Taylor Stitch, a brand with its roots in men’s shirting, reduces its waste with a unique shopping model. The Workshop model requires shoppers to order or reserve certain designs—thus, crowdfunding them before they’re made to ensure they only supply as many as meets demand. According to cofounder Michael Maher, 95% of the items at Taylor Stitch get crowdfunded, significantly reducing overproduction waste. More than 95% of the cotton used at Taylor Stitch is organic, and 98% of all designs you find on the shop are responsible fibers—including the Heavy Bag Tees, which have saved more than 24 million gallons of water. All the more reason to indulge in the brand’s straightforward, rugged, well-tailored designs. 

[Photo: courtesy Ministry of Supply]
Ministry of Supply
Ministry of Supply doesn’t just make wrinkle-free, performance-minded, sleekly-designed workwear—they make it carbon neutral, thanks to state-of-the-art recycled materials and solar-powered manufacturing. Designs such as the Aero dress shirt and the Kinetic Blazer are water-resistant, stretchy, and made of recycled polyester.

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[Photo: courtesy Soludos]
Soludos
You may know Soludos for their breezy, happy espadrilles (which are made from organic cotton, a biodegradable jute midsole, and natural rubber sole). Or their bags. Or their summer-ready clothes. But the brand also makes a cooler-than-cool plant-based sneaker, the Yebo. The vegan Yebo is made from nonedible corn and recycled water bottles and is offered in four colorways (white, rose, wine, and navy). 

[Photo: courtesy Picture Organic]
Picture Organic
It’s not hard to make a T-shirt that won’t trash the planet, but technical outerwear is a whole different story. When creating waterproof, windproof, throw-it-at-the-mountain type of garments, sustainable fabrics often don’t have the durability to make the cut. Picture Organic, a French brand, changed all of that. The company creates bomber ski jackets, snow pants, wetsuits, and swimwear made 100% from recycled poly and plant-based materials. And thanks to the European design, they look amazing.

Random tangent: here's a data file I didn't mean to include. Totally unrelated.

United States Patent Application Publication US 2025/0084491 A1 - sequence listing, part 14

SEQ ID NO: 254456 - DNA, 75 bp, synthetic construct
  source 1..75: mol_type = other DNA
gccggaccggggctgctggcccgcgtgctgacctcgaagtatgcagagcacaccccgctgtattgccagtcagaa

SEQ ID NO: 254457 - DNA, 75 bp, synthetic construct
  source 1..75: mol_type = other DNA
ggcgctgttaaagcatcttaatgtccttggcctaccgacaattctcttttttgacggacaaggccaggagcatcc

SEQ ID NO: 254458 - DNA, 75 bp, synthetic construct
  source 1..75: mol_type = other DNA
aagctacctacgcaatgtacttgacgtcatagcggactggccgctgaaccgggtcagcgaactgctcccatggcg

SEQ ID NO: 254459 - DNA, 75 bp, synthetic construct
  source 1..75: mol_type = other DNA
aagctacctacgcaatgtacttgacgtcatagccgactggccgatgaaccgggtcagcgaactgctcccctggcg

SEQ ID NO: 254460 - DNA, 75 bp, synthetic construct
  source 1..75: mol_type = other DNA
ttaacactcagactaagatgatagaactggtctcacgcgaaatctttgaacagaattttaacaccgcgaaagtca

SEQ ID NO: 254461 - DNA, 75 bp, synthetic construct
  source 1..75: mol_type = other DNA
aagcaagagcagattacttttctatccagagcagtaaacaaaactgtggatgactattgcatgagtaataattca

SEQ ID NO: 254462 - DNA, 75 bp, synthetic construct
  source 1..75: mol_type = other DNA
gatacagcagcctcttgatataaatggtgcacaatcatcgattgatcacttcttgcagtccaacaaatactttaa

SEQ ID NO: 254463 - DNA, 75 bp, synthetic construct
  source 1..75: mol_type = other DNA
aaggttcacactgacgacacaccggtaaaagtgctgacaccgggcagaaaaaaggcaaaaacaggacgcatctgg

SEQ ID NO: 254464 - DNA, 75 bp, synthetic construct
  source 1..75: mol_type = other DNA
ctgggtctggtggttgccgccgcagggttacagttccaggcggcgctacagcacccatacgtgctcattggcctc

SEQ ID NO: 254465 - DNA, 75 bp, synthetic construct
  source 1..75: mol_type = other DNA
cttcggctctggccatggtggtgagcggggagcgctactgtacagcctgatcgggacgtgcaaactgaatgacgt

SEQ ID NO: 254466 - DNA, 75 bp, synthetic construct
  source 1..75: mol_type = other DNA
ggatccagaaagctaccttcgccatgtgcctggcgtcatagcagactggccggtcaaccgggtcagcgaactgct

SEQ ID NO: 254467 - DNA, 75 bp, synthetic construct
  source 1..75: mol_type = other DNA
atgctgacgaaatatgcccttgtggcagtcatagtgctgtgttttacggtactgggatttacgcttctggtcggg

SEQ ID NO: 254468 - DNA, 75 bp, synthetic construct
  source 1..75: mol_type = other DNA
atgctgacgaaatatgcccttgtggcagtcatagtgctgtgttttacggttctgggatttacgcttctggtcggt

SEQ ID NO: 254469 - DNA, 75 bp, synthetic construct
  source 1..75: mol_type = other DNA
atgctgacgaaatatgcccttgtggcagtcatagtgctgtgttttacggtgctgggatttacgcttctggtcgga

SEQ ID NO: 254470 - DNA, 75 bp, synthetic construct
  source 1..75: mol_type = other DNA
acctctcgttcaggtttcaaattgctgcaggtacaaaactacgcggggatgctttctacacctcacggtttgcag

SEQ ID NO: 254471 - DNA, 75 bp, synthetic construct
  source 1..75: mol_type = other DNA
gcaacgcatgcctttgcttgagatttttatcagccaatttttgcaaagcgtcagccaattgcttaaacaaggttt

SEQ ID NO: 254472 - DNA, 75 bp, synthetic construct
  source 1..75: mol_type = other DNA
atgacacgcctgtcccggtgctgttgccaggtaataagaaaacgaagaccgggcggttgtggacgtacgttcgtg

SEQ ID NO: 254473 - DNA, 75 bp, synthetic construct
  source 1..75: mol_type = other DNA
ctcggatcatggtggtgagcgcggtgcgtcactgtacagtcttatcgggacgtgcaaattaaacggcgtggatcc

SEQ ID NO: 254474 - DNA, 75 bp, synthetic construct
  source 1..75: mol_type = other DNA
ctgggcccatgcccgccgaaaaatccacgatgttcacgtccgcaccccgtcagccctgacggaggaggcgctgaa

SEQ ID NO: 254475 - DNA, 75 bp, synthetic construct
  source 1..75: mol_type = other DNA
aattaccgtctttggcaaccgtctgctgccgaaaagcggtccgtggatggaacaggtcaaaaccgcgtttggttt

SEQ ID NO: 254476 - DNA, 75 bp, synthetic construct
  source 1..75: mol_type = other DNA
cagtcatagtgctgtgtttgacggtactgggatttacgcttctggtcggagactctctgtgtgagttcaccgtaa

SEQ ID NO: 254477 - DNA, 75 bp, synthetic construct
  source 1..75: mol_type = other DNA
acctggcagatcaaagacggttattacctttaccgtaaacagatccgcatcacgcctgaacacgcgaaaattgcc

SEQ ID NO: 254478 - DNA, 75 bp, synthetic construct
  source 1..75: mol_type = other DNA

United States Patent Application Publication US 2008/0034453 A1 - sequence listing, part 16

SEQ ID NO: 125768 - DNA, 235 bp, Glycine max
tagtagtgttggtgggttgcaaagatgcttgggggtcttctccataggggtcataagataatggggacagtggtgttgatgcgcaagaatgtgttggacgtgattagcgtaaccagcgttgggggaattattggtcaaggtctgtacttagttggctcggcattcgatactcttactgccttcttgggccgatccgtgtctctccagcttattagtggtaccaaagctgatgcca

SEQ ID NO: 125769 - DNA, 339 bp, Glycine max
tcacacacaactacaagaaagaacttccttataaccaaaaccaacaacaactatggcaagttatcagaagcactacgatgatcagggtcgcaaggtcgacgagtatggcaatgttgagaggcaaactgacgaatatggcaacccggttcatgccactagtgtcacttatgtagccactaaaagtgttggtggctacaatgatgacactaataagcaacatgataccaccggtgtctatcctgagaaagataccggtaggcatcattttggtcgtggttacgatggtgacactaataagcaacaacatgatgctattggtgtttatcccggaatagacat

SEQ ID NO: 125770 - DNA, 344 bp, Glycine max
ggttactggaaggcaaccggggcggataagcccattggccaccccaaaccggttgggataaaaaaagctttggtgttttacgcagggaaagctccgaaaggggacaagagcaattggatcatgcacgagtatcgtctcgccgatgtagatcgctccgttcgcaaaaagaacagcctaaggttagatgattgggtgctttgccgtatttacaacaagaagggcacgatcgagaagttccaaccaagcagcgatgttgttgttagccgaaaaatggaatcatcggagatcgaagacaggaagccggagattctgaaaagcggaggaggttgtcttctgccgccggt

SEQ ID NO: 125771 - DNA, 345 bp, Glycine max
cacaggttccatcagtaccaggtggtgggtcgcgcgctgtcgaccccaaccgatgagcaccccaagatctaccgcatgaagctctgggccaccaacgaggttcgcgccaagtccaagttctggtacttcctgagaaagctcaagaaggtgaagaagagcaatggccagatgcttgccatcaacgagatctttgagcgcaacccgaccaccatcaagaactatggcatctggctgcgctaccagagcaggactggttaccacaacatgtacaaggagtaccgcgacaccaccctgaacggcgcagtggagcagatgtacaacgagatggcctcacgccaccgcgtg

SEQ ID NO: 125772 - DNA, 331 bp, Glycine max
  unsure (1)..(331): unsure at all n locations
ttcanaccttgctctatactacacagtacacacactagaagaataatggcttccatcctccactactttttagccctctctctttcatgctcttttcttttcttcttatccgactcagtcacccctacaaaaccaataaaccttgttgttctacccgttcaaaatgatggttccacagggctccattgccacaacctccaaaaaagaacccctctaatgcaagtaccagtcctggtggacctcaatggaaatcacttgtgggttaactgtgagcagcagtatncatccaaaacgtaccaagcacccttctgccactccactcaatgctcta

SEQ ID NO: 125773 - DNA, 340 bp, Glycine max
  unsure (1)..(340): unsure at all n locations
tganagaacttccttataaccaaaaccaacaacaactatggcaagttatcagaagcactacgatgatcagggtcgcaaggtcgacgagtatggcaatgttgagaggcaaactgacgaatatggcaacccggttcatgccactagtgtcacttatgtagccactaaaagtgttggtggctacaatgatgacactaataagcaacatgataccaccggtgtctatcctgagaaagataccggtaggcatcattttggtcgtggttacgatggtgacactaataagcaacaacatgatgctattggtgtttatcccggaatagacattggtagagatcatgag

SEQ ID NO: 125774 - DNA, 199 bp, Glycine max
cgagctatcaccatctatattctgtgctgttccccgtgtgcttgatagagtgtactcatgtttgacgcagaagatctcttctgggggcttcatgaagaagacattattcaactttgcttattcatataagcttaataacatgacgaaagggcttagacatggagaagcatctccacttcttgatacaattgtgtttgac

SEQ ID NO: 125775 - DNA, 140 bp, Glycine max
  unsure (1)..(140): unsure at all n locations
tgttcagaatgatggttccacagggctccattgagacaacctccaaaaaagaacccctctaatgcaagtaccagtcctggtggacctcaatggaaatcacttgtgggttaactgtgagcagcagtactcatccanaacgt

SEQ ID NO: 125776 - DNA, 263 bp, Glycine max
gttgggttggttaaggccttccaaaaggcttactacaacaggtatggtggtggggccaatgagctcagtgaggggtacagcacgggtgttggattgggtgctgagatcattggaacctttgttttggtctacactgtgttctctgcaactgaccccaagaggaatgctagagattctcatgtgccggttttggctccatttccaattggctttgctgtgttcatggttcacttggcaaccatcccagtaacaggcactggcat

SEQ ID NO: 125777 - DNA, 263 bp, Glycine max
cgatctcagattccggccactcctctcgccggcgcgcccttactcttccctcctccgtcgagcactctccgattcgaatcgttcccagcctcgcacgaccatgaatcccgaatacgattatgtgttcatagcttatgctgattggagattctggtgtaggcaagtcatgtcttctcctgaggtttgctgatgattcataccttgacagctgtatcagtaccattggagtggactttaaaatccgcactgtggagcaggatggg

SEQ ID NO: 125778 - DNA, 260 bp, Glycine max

Accompany
Accompany is a curated online shop that brings items from artisans all across the planet to one place so you can shop fair-trade, ethically-sourced clothes, jewelry, bags, shoes, and even home décor. Accompany has everything from up-cycled high-waisted jeans to handmade Swazi baskets. It’s the sustainable, philanthropic boutique that all boutiques should aspire to be. 

[Photo: courtesy Eileen Fisher]
Eileen Fisher
Eileen Fisher was doing sustainable designer fashion before sustainable was cool. Since 2007, the brand has been tracking its shipping miles and modes and partnered with NativeEnergy to reduce CO2 emissions and to offset the carbon that it puts into the environment. Additionally, Eileen Fisher is no stranger to Bluesign chemical-free dying processes and the use of organic fibers, recycled fibers, and sustainable fibers such as wool and Tencel Lyocell in products. These days, circular lifespans of clothes are the norm at Eileen Fisher, with the upcycled Indigo Collection and the regenerated Renew Collection available for shoppers. 

[Photo: courtesy Pact]
Pact
Pact does comfy, soft, perfectly-snug organic cotton apparel (and bedding)—and they do it well. Because cotton basics so often end up in the landfill after a few wears, Pact is dedicated to making high-quality daily casual wear that lasts longer and has a gentler impact on the environment. From leggings to tees to bras and undies, Pact makes the everyday necessities more sustainable.

Looking for more recommendations? Check out our other handpicked suggestions.